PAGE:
The EWL also welcomes the acknowledgment in the Conclusions of the role of women’s organisations, as partners and experts in the efforts to eliminate all forms of violence against women and girls. The EWL also welcomes the point made in the Conclusions that women and girls who face multiple forms of discrimination are exposed to increased risk of violence. Migrant women, indigenous women, women and girls with disabilities, women and girls deprived of their liberty or under State custody or care, girls, women and girls living with HIV, and older women are explicitly mentioned. However, the EWL regrets that no specific provision addresses the needs of lesbians, bisexual women and transgender women, of undocumented women, of Roma women and of women asylum seekers.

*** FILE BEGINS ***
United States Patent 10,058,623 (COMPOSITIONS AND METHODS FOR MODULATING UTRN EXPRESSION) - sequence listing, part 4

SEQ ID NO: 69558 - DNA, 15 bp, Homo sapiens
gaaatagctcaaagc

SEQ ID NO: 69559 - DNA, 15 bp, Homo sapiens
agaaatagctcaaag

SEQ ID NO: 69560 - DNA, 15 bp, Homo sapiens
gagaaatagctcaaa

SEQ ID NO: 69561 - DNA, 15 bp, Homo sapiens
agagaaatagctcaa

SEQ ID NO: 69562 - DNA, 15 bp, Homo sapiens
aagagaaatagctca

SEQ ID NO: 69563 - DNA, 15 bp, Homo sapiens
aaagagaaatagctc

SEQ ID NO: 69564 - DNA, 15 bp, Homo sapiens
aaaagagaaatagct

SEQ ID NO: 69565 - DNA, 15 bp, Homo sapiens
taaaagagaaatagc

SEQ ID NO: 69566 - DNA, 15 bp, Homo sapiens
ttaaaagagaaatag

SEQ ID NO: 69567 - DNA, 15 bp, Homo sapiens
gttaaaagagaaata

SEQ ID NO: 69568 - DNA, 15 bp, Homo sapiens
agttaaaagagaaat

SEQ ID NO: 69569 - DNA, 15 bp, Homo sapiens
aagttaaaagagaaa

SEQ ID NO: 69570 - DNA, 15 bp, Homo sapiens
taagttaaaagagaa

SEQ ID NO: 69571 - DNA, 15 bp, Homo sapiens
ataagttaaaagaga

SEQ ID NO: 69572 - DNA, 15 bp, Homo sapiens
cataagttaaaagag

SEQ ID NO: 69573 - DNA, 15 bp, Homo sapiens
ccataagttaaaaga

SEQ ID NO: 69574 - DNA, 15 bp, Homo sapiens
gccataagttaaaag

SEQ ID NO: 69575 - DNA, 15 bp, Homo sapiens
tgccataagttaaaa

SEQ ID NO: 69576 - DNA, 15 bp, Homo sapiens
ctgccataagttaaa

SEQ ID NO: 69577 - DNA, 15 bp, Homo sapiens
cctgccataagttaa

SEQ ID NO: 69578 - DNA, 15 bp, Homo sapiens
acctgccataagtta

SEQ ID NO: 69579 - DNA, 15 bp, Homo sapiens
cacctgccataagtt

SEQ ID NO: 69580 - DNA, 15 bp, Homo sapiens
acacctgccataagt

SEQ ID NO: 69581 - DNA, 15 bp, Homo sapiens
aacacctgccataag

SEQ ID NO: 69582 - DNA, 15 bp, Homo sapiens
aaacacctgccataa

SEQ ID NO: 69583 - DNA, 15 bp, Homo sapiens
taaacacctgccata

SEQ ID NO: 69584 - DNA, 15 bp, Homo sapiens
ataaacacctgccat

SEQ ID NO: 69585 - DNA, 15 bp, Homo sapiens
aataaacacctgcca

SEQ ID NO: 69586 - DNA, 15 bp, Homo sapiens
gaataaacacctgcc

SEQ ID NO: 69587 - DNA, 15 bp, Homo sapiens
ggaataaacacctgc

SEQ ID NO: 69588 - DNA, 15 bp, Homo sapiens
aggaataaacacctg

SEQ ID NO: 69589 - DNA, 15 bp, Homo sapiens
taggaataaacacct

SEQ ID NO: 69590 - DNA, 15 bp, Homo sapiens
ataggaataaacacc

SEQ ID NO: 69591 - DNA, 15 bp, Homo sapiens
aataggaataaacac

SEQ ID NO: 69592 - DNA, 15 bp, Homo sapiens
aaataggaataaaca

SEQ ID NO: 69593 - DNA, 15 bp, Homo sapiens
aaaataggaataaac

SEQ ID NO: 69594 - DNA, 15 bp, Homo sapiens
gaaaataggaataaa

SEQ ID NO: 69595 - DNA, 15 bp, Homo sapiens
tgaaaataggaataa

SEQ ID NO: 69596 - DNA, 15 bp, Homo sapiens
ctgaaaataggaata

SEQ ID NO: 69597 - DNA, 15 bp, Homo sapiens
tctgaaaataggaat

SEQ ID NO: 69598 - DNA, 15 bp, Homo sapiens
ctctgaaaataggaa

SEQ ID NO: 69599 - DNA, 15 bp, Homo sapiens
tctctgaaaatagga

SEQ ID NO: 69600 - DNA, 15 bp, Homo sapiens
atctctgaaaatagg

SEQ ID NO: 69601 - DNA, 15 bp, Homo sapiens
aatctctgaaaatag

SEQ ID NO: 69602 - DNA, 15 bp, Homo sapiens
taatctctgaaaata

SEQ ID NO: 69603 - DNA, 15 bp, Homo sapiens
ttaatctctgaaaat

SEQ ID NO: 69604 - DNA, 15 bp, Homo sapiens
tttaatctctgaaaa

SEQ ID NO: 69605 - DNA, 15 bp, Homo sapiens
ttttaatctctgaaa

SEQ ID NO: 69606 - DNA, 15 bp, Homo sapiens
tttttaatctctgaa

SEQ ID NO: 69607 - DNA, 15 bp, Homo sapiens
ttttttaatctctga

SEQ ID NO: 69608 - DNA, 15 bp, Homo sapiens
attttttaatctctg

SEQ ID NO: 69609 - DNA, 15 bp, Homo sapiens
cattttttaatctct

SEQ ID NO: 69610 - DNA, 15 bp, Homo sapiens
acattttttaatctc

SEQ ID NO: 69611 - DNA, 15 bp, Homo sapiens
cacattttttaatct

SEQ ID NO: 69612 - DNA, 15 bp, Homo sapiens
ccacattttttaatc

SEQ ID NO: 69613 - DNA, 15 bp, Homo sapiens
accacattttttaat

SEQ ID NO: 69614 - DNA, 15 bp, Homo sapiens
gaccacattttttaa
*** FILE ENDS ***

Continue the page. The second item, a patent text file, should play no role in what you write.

The attacks of several Member States and observers against women’s sexual and reproductive health and rights are of great concern for the EWL and women’s organisations and we regret that no reference is made to the right to safe abortion, a topic on which the EU Member States did not show unity. However, it is positive that the Conclusions are explicit that the Programme of Action at the International Conference on Population and Development is an international commitment for all Member States, which must respect and promote sexual and reproductive health. The EWL regrets that only reproductive rights are mentioned, and that sexual rights are still not recognized at international level as women’s human rights. Likewise, the EWL regrets that the mention of prostitution as a form of violence against women and girls is not included in the final Conclusions, while it was discussed during the negotiations. However, the EWL welcomes the provision asking Member States to accelerate public awareness, education and training to discourage the demand that fosters all forms of exploitation.